Lou Reed may not be everyone's cup of tea, but those who have warmed to his flat, half-spoken singing, terse guitar playing and the poetic insights that have typified his style since the early eighties could do little better than to own a copy of "Legendary Hearts" (1983). This is Lou Reed at his most focused: newly sober and reveling in his ability to write and play about his personal experiences in such a direct, conversational manner that it seems as though he is a very good friend who has come over for an evening and is telling you about what he's been going through lately.
Confessional writing is a tricky thing in that it can be embarassing for the artist if done poorly and can indulge a listener's most voyeuristic tendencies even when done well. It is Reed's sense of humility in many of these songs, though, that saves them from bathos. Some of his best writing is to be found here, specifically the title track, which nails a profound (really, I'm not kidding, it's profound) truth about love and the way we see ourselves, all of which is accomplished in three and a half minutes. Much of the self-reflection found on this album came as the result of therapy and Alcoholics Anonymous; anyone who has ever invested time in either will find something familiar in "Make Up My Mind," "The Last Shot," "Betrayed" and "Bottoming Out," the last of which takes a pass at self-destruction and anger with a clear-eyed poise that few songwriters (or the rest of us, for that matter) can manage.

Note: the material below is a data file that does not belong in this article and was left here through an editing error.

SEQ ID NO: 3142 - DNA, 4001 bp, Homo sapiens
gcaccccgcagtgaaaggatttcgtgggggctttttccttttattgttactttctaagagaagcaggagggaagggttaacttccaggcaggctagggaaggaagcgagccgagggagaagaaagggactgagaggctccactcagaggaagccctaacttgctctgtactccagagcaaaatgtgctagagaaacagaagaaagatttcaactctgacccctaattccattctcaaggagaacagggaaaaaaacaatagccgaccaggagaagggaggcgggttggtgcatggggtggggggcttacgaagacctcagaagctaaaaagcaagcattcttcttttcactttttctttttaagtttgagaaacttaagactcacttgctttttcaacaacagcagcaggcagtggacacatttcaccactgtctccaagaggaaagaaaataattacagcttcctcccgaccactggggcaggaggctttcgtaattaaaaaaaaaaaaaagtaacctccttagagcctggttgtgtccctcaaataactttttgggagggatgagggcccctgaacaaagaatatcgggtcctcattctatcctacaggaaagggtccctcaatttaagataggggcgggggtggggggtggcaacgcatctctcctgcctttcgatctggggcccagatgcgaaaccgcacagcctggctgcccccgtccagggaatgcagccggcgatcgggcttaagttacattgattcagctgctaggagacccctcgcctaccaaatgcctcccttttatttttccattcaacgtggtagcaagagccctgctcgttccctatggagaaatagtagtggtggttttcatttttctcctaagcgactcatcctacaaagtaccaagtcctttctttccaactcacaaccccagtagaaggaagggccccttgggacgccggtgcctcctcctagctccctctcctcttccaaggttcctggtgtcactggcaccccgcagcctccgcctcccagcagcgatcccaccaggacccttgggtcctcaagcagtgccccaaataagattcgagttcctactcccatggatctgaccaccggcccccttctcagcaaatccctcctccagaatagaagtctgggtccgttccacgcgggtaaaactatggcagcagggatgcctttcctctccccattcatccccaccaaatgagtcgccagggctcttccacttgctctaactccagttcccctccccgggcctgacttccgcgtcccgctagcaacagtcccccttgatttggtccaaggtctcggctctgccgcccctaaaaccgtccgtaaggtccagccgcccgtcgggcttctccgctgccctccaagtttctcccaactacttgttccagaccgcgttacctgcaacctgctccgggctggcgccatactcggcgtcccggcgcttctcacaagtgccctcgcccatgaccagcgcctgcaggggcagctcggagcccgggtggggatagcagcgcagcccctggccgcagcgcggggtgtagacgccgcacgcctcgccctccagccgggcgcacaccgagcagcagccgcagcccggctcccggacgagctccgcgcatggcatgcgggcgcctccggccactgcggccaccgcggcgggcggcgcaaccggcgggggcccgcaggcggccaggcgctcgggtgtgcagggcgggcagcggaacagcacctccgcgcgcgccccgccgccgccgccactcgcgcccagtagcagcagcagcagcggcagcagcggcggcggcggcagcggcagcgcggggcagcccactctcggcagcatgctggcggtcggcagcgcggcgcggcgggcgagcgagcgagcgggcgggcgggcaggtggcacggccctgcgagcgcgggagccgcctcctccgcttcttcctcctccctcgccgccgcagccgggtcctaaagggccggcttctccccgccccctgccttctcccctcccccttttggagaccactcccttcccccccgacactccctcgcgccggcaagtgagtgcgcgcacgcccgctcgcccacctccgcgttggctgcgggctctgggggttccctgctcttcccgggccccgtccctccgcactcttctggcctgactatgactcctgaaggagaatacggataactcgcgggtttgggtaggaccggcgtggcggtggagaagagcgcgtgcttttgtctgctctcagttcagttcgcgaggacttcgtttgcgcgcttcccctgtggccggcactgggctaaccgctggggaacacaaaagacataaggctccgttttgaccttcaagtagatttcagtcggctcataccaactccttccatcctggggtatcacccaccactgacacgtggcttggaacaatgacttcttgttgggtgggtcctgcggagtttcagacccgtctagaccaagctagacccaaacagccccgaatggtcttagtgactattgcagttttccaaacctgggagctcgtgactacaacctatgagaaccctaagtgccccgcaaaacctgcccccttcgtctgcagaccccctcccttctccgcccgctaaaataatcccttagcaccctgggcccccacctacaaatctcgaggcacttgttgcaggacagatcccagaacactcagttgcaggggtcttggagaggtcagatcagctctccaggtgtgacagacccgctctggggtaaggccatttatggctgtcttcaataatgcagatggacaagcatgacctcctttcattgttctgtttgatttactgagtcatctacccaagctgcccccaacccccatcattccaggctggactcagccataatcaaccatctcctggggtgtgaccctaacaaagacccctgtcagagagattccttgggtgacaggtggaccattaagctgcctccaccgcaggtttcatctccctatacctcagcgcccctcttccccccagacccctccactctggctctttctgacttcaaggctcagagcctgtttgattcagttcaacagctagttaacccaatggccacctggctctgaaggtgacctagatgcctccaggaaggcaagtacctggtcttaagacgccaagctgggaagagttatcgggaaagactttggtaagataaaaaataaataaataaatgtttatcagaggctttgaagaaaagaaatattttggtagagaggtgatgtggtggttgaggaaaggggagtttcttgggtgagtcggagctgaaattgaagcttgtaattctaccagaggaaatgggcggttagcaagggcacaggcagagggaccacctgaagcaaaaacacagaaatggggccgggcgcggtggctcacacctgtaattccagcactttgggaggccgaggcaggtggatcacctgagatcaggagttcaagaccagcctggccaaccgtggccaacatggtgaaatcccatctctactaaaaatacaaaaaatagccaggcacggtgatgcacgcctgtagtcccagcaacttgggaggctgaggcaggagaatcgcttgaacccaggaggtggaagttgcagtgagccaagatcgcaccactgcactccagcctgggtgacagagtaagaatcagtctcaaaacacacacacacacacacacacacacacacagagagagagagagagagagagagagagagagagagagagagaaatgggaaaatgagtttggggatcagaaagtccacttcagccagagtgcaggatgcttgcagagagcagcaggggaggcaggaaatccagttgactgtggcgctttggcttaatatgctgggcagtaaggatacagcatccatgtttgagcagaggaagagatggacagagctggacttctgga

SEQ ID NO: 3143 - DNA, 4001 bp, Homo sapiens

These are heavy subjects, make no mistake, but the tight ensemble playing (two guitars, drums and Fernando Saunders' singing fretless bass lines) makes the best of these songs move so that you can tap your foot while Reed is passing on his little revelations. (One thinks that Phil Spector would be proud, too: the way the album is mixed, it's almost in mono, which gives the songs quite a punch.) Songwriters who aim for depth within the confines of the rock song take note: "Legendary Hearts" is a model of precision, both well-observed and heartfelt. Put it on and turn it up - it may give you something to think about.